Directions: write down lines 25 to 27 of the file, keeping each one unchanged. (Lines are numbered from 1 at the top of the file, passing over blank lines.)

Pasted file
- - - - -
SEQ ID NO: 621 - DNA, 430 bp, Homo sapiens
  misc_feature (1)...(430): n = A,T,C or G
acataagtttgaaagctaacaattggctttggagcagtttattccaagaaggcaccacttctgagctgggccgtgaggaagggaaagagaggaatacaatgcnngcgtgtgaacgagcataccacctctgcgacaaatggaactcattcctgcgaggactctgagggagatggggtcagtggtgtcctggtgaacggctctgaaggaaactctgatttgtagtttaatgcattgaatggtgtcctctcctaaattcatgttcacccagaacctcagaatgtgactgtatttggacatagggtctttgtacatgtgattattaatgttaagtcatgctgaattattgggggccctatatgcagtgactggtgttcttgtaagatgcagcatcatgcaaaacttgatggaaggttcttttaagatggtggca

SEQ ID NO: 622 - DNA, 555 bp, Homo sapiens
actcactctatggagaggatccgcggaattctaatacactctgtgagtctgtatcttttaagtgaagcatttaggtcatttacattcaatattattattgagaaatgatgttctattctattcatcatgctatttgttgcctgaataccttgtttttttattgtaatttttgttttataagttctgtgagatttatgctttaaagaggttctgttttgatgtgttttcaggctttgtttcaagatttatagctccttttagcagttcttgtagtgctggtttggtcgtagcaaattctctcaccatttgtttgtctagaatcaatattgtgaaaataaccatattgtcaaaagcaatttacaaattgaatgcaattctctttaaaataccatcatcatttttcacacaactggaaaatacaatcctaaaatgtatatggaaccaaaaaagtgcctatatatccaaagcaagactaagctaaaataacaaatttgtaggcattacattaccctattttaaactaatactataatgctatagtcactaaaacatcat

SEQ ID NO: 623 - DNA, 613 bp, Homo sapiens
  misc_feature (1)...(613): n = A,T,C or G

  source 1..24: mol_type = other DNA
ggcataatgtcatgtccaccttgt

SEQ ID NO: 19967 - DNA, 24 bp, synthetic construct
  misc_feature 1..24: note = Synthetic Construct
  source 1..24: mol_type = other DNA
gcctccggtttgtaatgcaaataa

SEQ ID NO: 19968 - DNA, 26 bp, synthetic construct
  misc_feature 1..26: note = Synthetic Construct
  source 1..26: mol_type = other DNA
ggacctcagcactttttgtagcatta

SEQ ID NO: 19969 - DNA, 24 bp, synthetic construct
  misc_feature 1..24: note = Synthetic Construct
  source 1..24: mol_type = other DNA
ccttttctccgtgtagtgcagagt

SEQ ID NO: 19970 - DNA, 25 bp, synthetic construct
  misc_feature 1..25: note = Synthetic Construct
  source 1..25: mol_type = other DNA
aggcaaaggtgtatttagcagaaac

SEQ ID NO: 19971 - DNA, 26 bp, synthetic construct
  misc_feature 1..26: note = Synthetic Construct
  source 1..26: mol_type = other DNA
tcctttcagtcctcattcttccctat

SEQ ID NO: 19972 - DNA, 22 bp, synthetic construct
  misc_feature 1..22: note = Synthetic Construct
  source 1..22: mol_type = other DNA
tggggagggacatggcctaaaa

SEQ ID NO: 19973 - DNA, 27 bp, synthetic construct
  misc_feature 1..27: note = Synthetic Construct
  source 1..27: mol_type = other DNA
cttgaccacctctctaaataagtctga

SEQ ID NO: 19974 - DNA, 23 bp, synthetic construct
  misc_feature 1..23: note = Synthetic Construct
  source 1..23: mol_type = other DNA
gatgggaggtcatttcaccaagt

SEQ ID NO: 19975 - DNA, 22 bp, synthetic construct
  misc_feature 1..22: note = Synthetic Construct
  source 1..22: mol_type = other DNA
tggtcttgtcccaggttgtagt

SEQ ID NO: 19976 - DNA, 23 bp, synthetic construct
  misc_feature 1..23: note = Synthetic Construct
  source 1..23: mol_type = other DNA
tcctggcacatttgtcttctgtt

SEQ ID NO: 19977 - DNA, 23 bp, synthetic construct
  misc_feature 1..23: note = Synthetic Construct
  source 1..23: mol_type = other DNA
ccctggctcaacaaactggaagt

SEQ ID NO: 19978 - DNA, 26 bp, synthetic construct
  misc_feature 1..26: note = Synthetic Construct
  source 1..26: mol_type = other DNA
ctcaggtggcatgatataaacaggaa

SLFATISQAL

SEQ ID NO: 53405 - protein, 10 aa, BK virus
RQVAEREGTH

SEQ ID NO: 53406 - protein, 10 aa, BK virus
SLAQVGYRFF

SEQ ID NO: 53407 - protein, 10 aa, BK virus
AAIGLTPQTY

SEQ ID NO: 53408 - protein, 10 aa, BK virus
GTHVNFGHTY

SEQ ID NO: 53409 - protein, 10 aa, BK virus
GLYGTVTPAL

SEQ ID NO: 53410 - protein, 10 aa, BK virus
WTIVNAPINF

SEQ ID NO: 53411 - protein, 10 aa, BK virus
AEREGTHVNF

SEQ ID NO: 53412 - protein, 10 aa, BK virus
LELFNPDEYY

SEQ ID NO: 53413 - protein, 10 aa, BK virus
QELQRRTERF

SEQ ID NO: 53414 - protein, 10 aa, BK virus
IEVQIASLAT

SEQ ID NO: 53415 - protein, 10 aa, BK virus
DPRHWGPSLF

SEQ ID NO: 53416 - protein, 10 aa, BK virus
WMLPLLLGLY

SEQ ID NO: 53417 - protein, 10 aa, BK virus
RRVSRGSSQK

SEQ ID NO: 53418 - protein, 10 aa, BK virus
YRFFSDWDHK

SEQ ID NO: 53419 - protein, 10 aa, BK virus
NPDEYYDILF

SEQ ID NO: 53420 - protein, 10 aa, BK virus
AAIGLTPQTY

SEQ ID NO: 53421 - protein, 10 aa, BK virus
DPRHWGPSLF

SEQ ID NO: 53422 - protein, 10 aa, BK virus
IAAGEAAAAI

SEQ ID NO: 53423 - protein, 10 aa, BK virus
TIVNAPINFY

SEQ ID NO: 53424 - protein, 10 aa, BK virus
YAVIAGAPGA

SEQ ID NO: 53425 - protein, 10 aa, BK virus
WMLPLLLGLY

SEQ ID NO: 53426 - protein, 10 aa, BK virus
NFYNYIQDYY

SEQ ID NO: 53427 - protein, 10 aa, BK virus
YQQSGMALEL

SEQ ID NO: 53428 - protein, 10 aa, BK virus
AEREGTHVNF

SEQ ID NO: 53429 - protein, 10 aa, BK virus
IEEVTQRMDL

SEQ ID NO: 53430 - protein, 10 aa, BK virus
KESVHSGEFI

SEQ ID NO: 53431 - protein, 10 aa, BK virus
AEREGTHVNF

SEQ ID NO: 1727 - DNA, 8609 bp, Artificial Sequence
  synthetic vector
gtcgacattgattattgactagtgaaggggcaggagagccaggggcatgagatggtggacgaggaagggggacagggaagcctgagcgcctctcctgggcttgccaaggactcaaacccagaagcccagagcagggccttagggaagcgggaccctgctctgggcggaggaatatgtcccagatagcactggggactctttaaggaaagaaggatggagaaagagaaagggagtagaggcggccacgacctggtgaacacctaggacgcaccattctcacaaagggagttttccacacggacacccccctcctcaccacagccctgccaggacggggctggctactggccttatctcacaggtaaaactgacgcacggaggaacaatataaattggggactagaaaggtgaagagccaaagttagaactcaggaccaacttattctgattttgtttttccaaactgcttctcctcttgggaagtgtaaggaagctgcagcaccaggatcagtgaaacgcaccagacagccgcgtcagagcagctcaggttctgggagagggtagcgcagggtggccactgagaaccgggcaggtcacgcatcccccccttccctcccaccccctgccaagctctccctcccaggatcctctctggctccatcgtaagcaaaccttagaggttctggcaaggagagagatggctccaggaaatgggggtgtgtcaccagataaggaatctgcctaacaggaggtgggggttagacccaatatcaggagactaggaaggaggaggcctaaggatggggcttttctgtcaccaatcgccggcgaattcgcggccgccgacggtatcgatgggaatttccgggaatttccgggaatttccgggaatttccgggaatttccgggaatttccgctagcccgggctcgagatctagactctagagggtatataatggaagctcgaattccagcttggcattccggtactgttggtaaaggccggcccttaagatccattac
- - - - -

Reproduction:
aggcaaaggtgtatttagcagaaac

SEQ ID NO: 19971 - DNA, 26 bp, synthetic construct
  misc_feature 1..26: note = Synthetic Construct